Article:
His friend's eyes widened in dismay, but again the legendary blade was raised against him.
Halamin watched the fight between the two kings in stunned horror, not wanting to believe his eyes. His attention was then drawn to the battle again, where Dumarin moved forward, striking left and right, seething with hatred. He did not bother to make sure the enemies he wounded were dead, but raced on. Hilberon on the other side still sat in the saddle, and Harolyan proved to be the most experienced horse. Without the young soldier's guidance, the stallion thrashed his mighty hoofs into the groups of attackers, pushing them aside.
"Aragorn! Do you hear me? Fight her! You are Isildur's heir, you are stronger than that filthy bitch!" Gúthwine reverberated under another heavy strike, and Éomer felt his strength beginning to wane. In Aragorn's eyes he read naked terror, and the fight his brother was leading within. Aragorn grimaced with pain, and from underneath his sweat-drenched hair blood trickled down his neck. Éomer's eyes widened at the sight, and when he caught another glimpse of the Easterling's leader over his assailant's shoulder, there was no doubt anymore: that woman had spilled out evil over his friend, and he was unable to fend it off alone. And yet the circle of Easterling warriors around them ensured that there would be no help, neither for Aragorn, nor for him. They both had walked blindly into the trap. Instinctively, Éomer understood that his only chance of survival lay in disarming his friend and using the short moment of relief this would grant him to somehow kill the Easterling witch. Summoning what strength was left in him, he lashed out with renewed purpose.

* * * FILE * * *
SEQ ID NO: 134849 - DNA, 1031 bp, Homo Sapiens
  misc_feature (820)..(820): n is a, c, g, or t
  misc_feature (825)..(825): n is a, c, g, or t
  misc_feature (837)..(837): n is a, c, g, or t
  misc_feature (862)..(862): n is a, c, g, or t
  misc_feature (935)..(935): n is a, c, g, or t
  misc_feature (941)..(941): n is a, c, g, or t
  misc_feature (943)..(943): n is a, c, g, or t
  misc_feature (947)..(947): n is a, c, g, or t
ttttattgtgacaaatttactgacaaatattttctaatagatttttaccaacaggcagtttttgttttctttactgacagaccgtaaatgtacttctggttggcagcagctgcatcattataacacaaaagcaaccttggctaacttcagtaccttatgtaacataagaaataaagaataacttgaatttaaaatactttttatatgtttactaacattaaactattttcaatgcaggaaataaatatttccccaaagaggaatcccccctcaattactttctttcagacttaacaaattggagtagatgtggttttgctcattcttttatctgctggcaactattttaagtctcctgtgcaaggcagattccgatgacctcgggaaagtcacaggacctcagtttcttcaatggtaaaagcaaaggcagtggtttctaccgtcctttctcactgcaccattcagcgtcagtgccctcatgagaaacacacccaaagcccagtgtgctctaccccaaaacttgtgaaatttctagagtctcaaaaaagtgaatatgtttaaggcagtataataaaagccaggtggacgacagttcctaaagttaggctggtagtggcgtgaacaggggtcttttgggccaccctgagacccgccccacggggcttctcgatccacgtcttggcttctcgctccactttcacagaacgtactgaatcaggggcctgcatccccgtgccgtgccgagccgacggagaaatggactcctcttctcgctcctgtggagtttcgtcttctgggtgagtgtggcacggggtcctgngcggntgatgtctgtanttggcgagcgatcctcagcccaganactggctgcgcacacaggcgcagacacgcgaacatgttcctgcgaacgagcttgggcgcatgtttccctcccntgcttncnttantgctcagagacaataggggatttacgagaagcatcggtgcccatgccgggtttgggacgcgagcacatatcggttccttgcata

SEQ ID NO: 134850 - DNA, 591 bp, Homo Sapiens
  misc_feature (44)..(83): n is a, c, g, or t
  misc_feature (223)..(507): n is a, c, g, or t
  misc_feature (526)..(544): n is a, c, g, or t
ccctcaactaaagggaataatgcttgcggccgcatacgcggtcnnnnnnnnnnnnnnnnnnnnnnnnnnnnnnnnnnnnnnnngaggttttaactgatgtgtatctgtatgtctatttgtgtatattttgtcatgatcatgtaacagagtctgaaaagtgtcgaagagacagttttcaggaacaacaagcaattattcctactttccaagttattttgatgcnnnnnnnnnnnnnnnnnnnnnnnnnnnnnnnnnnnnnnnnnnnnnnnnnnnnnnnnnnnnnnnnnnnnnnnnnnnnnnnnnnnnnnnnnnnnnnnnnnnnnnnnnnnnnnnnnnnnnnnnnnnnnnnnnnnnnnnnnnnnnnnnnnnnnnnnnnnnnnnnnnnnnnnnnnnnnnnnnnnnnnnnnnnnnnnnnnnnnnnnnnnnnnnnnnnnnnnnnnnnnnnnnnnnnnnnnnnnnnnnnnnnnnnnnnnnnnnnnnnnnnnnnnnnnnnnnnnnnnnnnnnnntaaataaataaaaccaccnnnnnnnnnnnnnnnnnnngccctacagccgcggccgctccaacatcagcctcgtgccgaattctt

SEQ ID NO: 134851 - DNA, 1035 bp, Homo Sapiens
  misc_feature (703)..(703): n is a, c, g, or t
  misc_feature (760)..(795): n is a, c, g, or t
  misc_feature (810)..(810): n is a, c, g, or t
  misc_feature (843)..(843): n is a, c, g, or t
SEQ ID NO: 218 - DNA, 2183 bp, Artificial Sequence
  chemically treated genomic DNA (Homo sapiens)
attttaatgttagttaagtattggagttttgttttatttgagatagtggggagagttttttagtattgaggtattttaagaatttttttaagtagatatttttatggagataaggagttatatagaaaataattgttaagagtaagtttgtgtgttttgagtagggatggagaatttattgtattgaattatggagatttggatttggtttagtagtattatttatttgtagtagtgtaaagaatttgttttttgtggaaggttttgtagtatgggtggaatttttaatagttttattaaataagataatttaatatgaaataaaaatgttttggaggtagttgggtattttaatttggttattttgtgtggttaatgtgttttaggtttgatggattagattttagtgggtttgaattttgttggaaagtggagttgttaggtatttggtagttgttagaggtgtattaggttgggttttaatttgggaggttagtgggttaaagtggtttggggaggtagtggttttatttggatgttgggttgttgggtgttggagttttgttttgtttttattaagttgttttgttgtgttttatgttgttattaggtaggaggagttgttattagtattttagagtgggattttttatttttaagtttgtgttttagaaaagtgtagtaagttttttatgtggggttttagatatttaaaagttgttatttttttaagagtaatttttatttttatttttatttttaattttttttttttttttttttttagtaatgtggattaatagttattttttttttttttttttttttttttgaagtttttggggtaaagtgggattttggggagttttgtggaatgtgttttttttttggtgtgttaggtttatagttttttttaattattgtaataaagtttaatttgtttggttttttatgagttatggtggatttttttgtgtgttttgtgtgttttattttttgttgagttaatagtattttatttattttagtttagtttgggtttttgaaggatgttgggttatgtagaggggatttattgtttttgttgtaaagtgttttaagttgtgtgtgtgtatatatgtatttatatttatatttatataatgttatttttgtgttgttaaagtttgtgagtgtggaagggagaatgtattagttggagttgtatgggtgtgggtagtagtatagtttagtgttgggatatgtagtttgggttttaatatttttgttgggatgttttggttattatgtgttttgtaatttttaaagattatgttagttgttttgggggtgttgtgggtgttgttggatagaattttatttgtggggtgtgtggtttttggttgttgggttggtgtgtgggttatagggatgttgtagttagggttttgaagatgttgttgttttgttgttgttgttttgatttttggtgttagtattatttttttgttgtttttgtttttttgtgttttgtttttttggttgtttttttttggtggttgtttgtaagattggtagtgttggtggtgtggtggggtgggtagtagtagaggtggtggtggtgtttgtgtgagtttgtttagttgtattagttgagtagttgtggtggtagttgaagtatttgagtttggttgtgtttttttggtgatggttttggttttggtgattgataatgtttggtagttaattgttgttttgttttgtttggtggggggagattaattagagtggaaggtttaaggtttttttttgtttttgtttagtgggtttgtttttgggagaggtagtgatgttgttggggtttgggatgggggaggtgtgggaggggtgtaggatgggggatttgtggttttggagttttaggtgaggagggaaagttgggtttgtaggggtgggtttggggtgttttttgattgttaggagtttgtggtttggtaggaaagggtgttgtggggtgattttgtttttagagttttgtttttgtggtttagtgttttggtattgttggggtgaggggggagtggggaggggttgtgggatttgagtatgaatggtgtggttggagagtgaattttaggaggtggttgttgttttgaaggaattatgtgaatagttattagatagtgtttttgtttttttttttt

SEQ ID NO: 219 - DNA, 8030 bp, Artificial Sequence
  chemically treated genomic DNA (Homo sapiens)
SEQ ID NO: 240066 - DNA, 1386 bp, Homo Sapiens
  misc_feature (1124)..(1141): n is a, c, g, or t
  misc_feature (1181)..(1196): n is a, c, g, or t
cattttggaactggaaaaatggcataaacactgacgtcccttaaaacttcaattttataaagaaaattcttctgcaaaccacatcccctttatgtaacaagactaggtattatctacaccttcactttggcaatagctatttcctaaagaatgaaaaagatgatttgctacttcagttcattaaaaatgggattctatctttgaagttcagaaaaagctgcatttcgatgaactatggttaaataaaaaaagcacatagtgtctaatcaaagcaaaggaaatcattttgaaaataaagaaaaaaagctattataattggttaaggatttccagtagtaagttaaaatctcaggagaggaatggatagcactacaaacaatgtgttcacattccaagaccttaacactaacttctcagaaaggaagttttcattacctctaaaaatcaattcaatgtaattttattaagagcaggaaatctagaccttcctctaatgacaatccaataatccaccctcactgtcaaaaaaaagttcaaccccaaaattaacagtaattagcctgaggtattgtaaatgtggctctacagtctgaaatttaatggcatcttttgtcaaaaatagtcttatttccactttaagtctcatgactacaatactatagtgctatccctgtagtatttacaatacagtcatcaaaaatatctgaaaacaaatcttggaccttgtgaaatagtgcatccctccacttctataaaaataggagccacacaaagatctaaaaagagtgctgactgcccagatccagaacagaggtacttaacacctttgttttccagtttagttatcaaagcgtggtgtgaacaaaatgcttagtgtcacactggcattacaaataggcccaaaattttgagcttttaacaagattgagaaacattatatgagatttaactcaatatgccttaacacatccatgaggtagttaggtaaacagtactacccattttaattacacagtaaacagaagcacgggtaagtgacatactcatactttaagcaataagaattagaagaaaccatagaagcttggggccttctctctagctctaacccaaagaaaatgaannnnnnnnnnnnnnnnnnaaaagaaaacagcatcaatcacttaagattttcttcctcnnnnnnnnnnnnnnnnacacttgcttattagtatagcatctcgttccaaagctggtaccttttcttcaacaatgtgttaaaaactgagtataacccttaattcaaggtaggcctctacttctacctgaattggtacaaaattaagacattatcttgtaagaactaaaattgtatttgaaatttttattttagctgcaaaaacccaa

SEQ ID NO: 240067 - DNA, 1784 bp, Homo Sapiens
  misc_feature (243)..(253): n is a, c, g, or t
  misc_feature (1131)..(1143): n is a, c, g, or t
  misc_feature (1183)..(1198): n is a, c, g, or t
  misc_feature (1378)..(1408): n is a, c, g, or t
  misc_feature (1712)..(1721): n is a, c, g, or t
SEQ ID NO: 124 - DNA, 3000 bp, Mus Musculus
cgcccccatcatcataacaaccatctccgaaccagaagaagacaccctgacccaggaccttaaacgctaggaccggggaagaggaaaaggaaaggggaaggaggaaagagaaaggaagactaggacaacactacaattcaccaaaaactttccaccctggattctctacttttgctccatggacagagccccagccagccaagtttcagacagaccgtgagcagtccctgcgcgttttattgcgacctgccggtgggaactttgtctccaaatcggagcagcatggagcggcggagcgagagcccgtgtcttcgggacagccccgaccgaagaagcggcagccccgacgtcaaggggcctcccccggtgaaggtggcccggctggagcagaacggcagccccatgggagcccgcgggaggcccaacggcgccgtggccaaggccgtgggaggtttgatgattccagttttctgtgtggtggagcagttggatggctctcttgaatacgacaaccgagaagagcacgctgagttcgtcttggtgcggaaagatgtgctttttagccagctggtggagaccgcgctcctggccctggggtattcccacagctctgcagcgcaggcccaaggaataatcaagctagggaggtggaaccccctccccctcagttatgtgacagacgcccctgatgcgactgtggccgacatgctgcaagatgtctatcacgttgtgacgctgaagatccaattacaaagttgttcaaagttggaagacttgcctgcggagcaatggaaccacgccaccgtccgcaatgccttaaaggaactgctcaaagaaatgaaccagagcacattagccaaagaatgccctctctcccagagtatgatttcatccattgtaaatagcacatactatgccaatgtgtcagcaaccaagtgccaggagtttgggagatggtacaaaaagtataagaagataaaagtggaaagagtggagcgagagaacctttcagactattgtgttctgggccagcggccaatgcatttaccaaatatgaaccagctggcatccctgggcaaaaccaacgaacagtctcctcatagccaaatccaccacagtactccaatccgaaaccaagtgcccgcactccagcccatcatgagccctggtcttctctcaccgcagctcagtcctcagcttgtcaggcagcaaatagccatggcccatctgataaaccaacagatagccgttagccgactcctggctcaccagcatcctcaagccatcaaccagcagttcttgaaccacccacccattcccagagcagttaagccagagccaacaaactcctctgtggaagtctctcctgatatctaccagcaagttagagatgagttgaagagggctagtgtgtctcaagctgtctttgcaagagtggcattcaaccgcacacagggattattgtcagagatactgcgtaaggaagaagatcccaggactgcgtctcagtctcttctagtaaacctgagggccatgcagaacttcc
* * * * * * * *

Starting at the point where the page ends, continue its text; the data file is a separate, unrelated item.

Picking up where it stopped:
High on the embrasure Arwen stood. Her long hair got entangled in the wind, and her light blue gown billowed around her slender frame as she directed her eyes north. She did not notice the wind or the sun on her pale face. Carefully she reached out with her senses. Somewhere beneath the evil that encumbered her husband his own mind reeled. Arwen shivered. She remembered the short moment when she had touched the scar on Aragorn's neck. Now this slight uneasiness she had felt back there had grown to distress, and she concentrated on her breathing before she could speak.
"Come back to the light…" For a heartbeat she could sense him, and the fear that filled him hit her like a wave. She held back the cry and regained her composure quickly. She had no time to give in to weakness. Then she tried again, as if she were reaching out with her fingers to touch his face. She imagined his bearded cheeks under her fingertips, and how she had eased his pain and sorrow. With renewed concentration she attempted to find him again, buried under that evil power.
North of Osgiliath